Russia Ratifies Adoption Deals With U.S. and France…

MOSCOW, July 10 (RIA Novosti) – Russian Lower House of Parliament, the State Duma, ratified on Tuesday adoption deals with the United States and France, stipulating that a Russian child can only be adopted by a foreign family if no Russian parents can be found at home.

The need for such an agreement became particularly acute two years ago, when a U.S. mother sent her seven-year-old adopted Russian son back to Moscow on a plane with a note saying she did not want him anymore.

The Russian-U.S. adoption deal was signed in Washington in July 2011. The Russian Foreign Ministry had suspended adoptions of Russian kids by U.S. families until tougher adoption requirements come into force.

The Russian-French adoption agreement that was finalized in November 2011 was also ratified on Tuesday.

Both documents include several requirements, including psychological testing of the adoptive parents who will only be allowed to work with accredited adoption agencies.

The agreements also stipulate that all adopted Russian children will maintain dual citizenship until they become legal adults, after which they may choose their citizenship.

Pavel Astakhov, the country’s ombudsman for children’s rights, said in late 2011 that Moscow also planned to sign bilateral agreements on child adoption with the U.K., the Netherlands, Spain, Germany, Ireland and Israel.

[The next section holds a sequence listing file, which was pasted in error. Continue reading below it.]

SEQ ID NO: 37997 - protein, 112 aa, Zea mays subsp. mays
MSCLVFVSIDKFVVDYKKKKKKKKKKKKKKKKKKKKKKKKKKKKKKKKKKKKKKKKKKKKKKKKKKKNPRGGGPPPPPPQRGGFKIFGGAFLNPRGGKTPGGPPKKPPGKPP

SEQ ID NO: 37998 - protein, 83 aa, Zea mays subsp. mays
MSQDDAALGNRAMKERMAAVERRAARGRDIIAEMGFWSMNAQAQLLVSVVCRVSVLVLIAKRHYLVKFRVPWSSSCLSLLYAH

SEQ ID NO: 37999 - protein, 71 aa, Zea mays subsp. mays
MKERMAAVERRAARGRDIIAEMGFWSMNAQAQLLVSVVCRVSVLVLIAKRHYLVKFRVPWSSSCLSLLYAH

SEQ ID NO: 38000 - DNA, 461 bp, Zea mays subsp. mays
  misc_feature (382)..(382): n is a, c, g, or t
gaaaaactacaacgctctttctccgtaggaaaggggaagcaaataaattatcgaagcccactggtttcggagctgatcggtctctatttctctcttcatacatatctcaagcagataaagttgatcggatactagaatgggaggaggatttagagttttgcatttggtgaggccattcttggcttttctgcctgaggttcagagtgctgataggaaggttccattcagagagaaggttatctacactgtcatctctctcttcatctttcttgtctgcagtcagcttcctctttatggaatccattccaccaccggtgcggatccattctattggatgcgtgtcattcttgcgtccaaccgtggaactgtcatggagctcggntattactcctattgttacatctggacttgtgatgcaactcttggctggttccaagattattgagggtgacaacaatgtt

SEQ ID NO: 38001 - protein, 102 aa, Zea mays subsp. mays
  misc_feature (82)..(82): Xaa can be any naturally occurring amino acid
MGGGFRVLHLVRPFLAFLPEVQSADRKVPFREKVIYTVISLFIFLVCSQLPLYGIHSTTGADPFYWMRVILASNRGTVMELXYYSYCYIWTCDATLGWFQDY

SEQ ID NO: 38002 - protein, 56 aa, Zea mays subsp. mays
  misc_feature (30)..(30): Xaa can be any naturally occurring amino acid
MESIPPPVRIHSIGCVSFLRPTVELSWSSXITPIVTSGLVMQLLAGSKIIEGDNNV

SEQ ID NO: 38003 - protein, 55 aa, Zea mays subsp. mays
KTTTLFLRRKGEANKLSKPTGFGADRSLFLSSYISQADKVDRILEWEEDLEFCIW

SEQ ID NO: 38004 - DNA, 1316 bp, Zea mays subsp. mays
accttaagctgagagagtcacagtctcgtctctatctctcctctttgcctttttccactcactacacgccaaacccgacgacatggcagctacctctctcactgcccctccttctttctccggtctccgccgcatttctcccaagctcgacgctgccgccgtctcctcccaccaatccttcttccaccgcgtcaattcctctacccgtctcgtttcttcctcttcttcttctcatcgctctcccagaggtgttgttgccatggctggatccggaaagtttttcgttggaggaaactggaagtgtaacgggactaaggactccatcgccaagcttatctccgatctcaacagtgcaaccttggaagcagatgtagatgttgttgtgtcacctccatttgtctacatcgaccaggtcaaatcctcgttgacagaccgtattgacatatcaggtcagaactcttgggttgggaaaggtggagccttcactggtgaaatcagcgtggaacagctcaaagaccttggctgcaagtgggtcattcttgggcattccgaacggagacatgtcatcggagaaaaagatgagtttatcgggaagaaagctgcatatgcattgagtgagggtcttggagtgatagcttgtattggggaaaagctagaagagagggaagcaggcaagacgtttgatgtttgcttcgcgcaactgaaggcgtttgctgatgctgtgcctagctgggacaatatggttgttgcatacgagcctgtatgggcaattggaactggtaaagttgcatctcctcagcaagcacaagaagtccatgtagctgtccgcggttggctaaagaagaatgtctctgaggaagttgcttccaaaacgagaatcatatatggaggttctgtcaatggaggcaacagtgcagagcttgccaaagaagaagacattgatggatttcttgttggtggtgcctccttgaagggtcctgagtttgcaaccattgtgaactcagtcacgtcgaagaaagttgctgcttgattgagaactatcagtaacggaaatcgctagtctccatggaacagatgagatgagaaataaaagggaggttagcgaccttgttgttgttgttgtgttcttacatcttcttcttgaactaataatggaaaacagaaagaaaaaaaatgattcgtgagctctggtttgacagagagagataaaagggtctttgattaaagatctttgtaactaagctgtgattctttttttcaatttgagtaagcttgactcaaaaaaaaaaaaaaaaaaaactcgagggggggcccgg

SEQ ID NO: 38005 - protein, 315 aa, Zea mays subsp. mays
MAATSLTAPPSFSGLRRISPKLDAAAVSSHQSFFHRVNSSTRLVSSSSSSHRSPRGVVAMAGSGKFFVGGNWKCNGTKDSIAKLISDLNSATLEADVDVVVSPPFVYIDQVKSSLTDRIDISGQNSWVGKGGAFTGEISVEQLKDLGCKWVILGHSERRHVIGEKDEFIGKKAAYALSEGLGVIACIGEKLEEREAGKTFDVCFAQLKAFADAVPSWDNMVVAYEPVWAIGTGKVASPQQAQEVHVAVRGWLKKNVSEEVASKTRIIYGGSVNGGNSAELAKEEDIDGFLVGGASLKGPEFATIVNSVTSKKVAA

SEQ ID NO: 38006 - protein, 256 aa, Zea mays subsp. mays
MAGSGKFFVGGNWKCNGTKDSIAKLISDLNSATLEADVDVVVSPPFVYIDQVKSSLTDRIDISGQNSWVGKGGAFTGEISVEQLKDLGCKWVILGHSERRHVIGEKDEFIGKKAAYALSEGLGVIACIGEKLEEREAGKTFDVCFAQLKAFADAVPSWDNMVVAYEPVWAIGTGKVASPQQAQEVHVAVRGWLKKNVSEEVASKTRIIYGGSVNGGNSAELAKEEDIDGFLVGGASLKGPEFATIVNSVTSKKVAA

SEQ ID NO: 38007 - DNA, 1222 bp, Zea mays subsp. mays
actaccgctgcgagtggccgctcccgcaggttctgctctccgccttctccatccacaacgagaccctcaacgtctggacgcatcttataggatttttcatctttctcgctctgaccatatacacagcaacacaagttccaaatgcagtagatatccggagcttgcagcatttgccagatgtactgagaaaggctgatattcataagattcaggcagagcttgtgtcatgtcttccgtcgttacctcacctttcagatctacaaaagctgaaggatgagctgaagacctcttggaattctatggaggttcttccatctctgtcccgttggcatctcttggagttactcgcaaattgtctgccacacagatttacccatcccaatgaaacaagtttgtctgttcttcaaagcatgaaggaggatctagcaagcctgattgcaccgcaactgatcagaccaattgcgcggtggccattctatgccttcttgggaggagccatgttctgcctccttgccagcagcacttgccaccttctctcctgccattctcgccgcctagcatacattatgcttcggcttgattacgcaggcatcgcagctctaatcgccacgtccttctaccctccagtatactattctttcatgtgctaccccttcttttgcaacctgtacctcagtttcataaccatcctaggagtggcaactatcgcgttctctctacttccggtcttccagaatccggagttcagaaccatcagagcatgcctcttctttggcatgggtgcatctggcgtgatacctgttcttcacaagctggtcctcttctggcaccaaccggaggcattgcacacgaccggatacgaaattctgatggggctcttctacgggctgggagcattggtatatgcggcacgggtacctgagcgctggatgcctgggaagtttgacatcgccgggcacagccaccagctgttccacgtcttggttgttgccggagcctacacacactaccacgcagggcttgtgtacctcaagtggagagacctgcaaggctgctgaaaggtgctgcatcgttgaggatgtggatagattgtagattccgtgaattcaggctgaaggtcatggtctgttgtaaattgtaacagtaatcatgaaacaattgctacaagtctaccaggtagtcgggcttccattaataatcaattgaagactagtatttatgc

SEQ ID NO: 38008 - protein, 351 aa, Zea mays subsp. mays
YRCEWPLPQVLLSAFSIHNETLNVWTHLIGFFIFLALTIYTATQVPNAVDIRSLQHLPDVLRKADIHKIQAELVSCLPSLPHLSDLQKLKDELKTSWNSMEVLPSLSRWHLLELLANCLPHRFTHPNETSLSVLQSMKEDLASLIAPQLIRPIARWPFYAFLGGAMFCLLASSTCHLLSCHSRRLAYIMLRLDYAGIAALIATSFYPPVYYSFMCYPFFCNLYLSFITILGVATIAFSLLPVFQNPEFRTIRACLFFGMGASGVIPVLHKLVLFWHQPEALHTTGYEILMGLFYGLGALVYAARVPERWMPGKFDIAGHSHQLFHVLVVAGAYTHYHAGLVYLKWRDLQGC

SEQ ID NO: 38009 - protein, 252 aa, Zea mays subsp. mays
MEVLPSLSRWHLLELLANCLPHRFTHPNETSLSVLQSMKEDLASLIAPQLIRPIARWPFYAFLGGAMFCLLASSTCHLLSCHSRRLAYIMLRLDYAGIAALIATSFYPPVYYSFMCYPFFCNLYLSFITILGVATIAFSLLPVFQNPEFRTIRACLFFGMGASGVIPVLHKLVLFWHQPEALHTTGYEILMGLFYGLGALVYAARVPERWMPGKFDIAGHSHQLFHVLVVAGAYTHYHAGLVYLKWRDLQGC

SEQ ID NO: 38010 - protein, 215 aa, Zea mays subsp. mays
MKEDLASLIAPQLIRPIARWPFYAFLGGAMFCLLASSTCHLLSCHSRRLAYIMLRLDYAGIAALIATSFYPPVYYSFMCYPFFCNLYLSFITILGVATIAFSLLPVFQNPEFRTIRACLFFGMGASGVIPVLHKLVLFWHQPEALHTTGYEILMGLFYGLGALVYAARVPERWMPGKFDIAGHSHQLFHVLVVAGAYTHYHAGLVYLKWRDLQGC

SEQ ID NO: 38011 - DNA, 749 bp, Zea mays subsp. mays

Astakhov, who was on a visit to the United States in early July, rallied for a probe into the U.S. Ranch for Kids, a respite care home in Montana that helps children, most of them from Russia, who have suffered from disrupted adoptions. According to the ombudsman, children kept at the ranch are subjected to abuse and “are completely isolated from the outside world.”

He said that he would root to close the ranch after the adoption treaty’s ratification.

“As soon as this agreement is ratified… it [the United States] will put this ranch up for inspection,” Astakhov said, adding “unfortunately, it is not the only ranch in America.”

The ombudsman expressed hope that in five years time Russian children would not be adopted by foreign citizens.

Russia has one of the highest numbers of foreign adoptions. U.S. citizens adopt about 900 Russian children annually; about 300 Russian kids go to French families every year. Data from the Russian Education Ministry shows that at present, about 47,000 Russian children are living in adoptive families in the United States and 25,000 kids live in France.

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